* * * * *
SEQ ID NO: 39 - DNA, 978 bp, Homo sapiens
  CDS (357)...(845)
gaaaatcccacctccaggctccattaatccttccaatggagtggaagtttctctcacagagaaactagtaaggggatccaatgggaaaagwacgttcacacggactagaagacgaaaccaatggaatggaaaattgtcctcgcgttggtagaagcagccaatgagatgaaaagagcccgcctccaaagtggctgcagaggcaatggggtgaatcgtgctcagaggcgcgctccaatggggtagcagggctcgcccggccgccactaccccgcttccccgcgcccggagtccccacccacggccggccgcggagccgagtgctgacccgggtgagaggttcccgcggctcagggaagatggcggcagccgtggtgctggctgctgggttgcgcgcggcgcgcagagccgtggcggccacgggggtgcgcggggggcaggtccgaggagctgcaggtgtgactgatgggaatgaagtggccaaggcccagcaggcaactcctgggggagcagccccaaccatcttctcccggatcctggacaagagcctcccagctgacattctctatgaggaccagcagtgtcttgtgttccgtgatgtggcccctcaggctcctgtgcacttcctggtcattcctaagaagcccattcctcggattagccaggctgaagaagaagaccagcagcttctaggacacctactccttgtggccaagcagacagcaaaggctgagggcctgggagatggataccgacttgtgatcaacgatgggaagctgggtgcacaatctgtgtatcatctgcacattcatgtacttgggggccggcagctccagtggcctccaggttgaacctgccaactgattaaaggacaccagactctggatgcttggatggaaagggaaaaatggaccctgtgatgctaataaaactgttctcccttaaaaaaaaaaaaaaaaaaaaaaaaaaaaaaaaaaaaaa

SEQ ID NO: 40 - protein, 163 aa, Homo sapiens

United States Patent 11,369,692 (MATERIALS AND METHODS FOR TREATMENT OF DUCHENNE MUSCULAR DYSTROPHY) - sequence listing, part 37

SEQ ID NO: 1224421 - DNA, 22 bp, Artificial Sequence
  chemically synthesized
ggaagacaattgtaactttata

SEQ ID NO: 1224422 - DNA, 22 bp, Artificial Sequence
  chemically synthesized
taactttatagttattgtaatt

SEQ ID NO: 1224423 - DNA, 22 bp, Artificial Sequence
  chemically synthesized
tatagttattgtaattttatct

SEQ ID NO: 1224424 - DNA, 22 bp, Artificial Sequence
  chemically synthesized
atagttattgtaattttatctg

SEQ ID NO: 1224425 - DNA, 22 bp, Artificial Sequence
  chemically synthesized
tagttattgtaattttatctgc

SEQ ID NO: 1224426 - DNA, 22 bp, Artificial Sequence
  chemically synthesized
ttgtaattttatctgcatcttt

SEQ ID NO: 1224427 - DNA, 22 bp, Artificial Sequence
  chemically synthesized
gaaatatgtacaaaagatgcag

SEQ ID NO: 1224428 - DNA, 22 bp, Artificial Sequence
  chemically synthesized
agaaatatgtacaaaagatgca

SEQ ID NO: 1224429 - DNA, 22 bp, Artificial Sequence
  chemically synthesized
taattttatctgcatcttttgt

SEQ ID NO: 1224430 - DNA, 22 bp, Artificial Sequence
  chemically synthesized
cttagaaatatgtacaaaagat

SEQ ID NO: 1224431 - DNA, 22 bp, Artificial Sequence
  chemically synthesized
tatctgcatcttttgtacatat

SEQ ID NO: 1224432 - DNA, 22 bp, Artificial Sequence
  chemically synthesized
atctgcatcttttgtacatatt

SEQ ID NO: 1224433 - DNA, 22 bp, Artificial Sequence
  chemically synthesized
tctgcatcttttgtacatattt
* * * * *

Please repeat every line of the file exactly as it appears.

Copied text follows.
SEQ ID NO: 39 - DNA, 978 bp, Homo sapiens
  CDS (357)...(845)
gaaaatcccacctccaggctccattaatccttccaatggagtggaagtttctctcacagagaaactagtaaggggatccaatgggaaaagwacgttcacacggactagaagacgaaaccaatggaatggaaaattgtcctcgcgttggtagaagcagccaatgagatgaaaagagcccgcctccaaagtggctgcagaggcaatggggtgaatcgtgctcagaggcgcgctccaatggggtagcagggctcgcccggccgccactaccccgcttccccgcgcccggagtccccacccacggccggccgcggagccgagtgctgacccgggtgagaggttcccgcggctcagggaagatggcggcagccgtggtgctggctgctgggttgcgcgcggcgcgcagagccgtggcggccacgggggtgcgcggggggcaggtccgaggagctgcaggtgtgactgatgggaatgaagtggccaaggcccagcaggcaactcctgggggagcagccccaaccatcttctcccggatcctggacaagagcctcccagctgacattctctatgaggaccagcagtgtcttgtgttccgtgatgtggcccctcaggctcctgtgcacttcctggtcattcctaagaagcccattcctcggattagccaggctgaagaagaagaccagcagcttctaggacacctactccttgtggccaagcagacagcaaaggctgagggcctgggagatggataccgacttgtgatcaacgatgggaagctgggtgcacaatctgtgtatcatctgcacattcatgtacttgggggccggcagctccagtggcctccaggttgaacctgccaactgattaaaggacaccagactctggatgcttggatggaaagggaaaaatggaccctgtgatgctaataaaactgttctcccttaaaaaaaaaaaaaaaaaaaaaaaaaaaaaaaaaaaaaa

SEQ ID NO: 40 - protein, 163 aa, Homo sapiens

United States Patent 11,369,692 (MATERIALS AND METHODS FOR TREATMENT OF DUCHENNE MUSCULAR DYSTROPHY) - sequence listing, part 37

SEQ ID NO: 1224421 - DNA, 22 bp, Artificial Sequence
  chemically synthesized
ggaagacaattgtaactttata

SEQ ID NO: 1224422 - DNA, 22 bp, Artificial Sequence
  chemically synthesized
taactttatagttattgtaatt

SEQ ID NO: 1224423 - DNA, 22 bp, Artificial Sequence
  chemically synthesized
tatagttattgtaattttatct

SEQ ID NO: 1224424 - DNA, 22 bp, Artificial Sequence
  chemically synthesized
atagttattgtaattttatctg

SEQ ID NO: 1224425 - DNA, 22 bp, Artificial Sequence
  chemically synthesized
tagttattgtaattttatctgc

SEQ ID NO: 1224426 - DNA, 22 bp, Artificial Sequence
  chemically synthesized
ttgtaattttatctgcatcttt

SEQ ID NO: 1224427 - DNA, 22 bp, Artificial Sequence
  chemically synthesized
gaaatatgtacaaaagatgcag

SEQ ID NO: 1224428 - DNA, 22 bp, Artificial Sequence
  chemically synthesized
agaaatatgtacaaaagatgca

SEQ ID NO: 1224429 - DNA, 22 bp, Artificial Sequence
  chemically synthesized
taattttatctgcatcttttgt

SEQ ID NO: 1224430 - DNA, 22 bp, Artificial Sequence
  chemically synthesized
cttagaaatatgtacaaaagat

SEQ ID NO: 1224431 - DNA, 22 bp, Artificial Sequence
  chemically synthesized
tatctgcatcttttgtacatat

SEQ ID NO: 1224432 - DNA, 22 bp, Artificial Sequence
  chemically synthesized
atctgcatcttttgtacatatt

SEQ ID NO: 1224433 - DNA, 22 bp, Artificial Sequence
  chemically synthesized
tctgcatcttttgtacatattt